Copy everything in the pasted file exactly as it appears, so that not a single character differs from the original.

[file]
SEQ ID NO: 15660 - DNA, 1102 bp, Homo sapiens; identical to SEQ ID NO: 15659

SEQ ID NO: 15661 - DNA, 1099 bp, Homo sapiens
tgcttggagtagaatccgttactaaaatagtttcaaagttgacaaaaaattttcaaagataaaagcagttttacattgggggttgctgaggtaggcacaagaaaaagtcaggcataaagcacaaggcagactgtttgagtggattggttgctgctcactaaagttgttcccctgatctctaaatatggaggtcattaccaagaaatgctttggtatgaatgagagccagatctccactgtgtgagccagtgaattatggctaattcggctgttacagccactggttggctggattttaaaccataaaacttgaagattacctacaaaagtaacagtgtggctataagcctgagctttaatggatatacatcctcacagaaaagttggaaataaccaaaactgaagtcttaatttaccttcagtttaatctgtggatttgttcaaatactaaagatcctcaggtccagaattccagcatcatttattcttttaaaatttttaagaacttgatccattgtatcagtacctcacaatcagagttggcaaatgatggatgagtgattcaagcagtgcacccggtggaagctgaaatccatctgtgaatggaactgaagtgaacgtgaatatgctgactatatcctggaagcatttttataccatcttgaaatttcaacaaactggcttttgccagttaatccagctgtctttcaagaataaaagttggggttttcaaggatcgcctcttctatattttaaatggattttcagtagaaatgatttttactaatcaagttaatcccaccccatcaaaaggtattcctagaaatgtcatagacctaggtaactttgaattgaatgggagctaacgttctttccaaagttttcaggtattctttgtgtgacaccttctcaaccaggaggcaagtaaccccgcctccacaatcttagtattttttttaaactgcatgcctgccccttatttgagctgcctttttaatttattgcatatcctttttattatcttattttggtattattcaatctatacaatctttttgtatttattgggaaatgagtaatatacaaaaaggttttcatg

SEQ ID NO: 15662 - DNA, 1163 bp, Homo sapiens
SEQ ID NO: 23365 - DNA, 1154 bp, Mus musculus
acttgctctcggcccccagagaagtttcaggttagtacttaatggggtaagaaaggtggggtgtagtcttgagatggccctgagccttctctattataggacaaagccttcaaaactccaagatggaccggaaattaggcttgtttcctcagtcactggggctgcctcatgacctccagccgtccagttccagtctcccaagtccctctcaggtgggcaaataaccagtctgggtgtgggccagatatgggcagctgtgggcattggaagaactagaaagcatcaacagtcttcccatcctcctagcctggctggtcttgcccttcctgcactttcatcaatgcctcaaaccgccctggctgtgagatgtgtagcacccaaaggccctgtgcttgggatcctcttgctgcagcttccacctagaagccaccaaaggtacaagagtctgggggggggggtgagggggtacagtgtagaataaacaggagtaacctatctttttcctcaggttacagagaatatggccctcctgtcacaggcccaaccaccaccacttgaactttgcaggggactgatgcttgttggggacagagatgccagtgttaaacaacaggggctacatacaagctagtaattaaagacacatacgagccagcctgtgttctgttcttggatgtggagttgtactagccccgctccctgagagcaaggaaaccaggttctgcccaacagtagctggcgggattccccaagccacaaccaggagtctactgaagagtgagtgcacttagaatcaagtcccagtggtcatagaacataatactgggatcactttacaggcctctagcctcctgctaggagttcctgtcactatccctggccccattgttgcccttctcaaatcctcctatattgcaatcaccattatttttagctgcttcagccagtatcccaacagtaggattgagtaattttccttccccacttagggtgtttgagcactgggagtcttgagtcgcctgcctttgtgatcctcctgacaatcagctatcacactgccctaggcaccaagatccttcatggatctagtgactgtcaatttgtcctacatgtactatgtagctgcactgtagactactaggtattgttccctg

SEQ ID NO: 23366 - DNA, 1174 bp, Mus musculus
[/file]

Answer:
SEQ ID NO: 15660 - DNA, 1102 bp, Homo sapiens; identical to SEQ ID NO: 15659

SEQ ID NO: 15661 - DNA, 1099 bp, Homo sapiens
tgcttggagtagaatccgttactaaaatagtttcaaagttgacaaaaaattttcaaagataaaagcagttttacattgggggttgctgaggtaggcacaagaaaaagtcaggcataaagcacaaggcagactgtttgagtggattggttgctgctcactaaagttgttcccctgatctctaaatatggaggtcattaccaagaaatgctttggtatgaatgagagccagatctccactgtgtgagccagtgaattatggctaattcggctgttacagccactggttggctggattttaaaccataaaacttgaagattacctacaaaagtaacagtgtggctataagcctgagctttaatggatatacatcctcacagaaaagttggaaataaccaaaactgaagtcttaatttaccttcagtttaatctgtggatttgttcaaatactaaagatcctcaggtccagaattccagcatcatttattcttttaaaatttttaagaacttgatccattgtatcagtacctcacaatcagagttggcaaatgatggatgagtgattcaagcagtgcacccggtggaagctgaaatccatctgtgaatggaactgaagtgaacgtgaatatgctgactatatcctggaagcatttttataccatcttgaaatttcaacaaactggcttttgccagttaatccagctgtctttcaagaataaaagttggggttttcaaggatcgcctcttctatattttaaatggattttcagtagaaatgatttttactaatcaagttaatcccaccccatcaaaaggtattcctagaaatgtcatagacctaggtaactttgaattgaatgggagctaacgttctttccaaagttttcaggtattctttgtgtgacaccttctcaaccaggaggcaagtaaccccgcctccacaatcttagtattttttttaaactgcatgcctgccccttatttgagctgcctttttaatttattgcatatcctttttattatcttattttggtattattcaatctatacaatctttttgtatttattgggaaatgagtaatatacaaaaaggttttcatg

SEQ ID NO: 15662 - DNA, 1163 bp, Homo sapiens
SEQ ID NO: 23365 - DNA, 1154 bp, Mus musculus
acttgctctcggcccccagagaagtttcaggttagtacttaatggggtaagaaaggtggggtgtagtcttgagatggccctgagccttctctattataggacaaagccttcaaaactccaagatggaccggaaattaggcttgtttcctcagtcactggggctgcctcatgacctccagccgtccagttccagtctcccaagtccctctcaggtgggcaaataaccagtctgggtgtgggccagatatgggcagctgtgggcattggaagaactagaaagcatcaacagtcttcccatcctcctagcctggctggtcttgcccttcctgcactttcatcaatgcctcaaaccgccctggctgtgagatgtgtagcacccaaaggccctgtgcttgggatcctcttgctgcagcttccacctagaagccaccaaaggtacaagagtctgggggggggggtgagggggtacagtgtagaataaacaggagtaacctatctttttcctcaggttacagagaatatggccctcctgtcacaggcccaaccaccaccacttgaactttgcaggggactgatgcttgttggggacagagatgccagtgttaaacaacaggggctacatacaagctagtaattaaagacacatacgagccagcctgtgttctgttcttggatgtggagttgtactagccccgctccctgagagcaaggaaaccaggttctgcccaacagtagctggcgggattccccaagccacaaccaggagtctactgaagagtgagtgcacttagaatcaagtcccagtggtcatagaacataatactgggatcactttacaggcctctagcctcctgctaggagttcctgtcactatccctggccccattgttgcccttctcaaatcctcctatattgcaatcaccattatttttagctgcttcagccagtatcccaacagtaggattgagtaattttccttccccacttagggtgtttgagcactgggagtcttgagtcgcctgcctttgtgatcctcctgacaatcagctatcacactgccctaggcaccaagatccttcatggatctagtgactgtcaatttgtcctacatgtactatgtagctgcactgtagactactaggtattgttccctg

SEQ ID NO: 23366 - DNA, 1174 bp, Mus musculus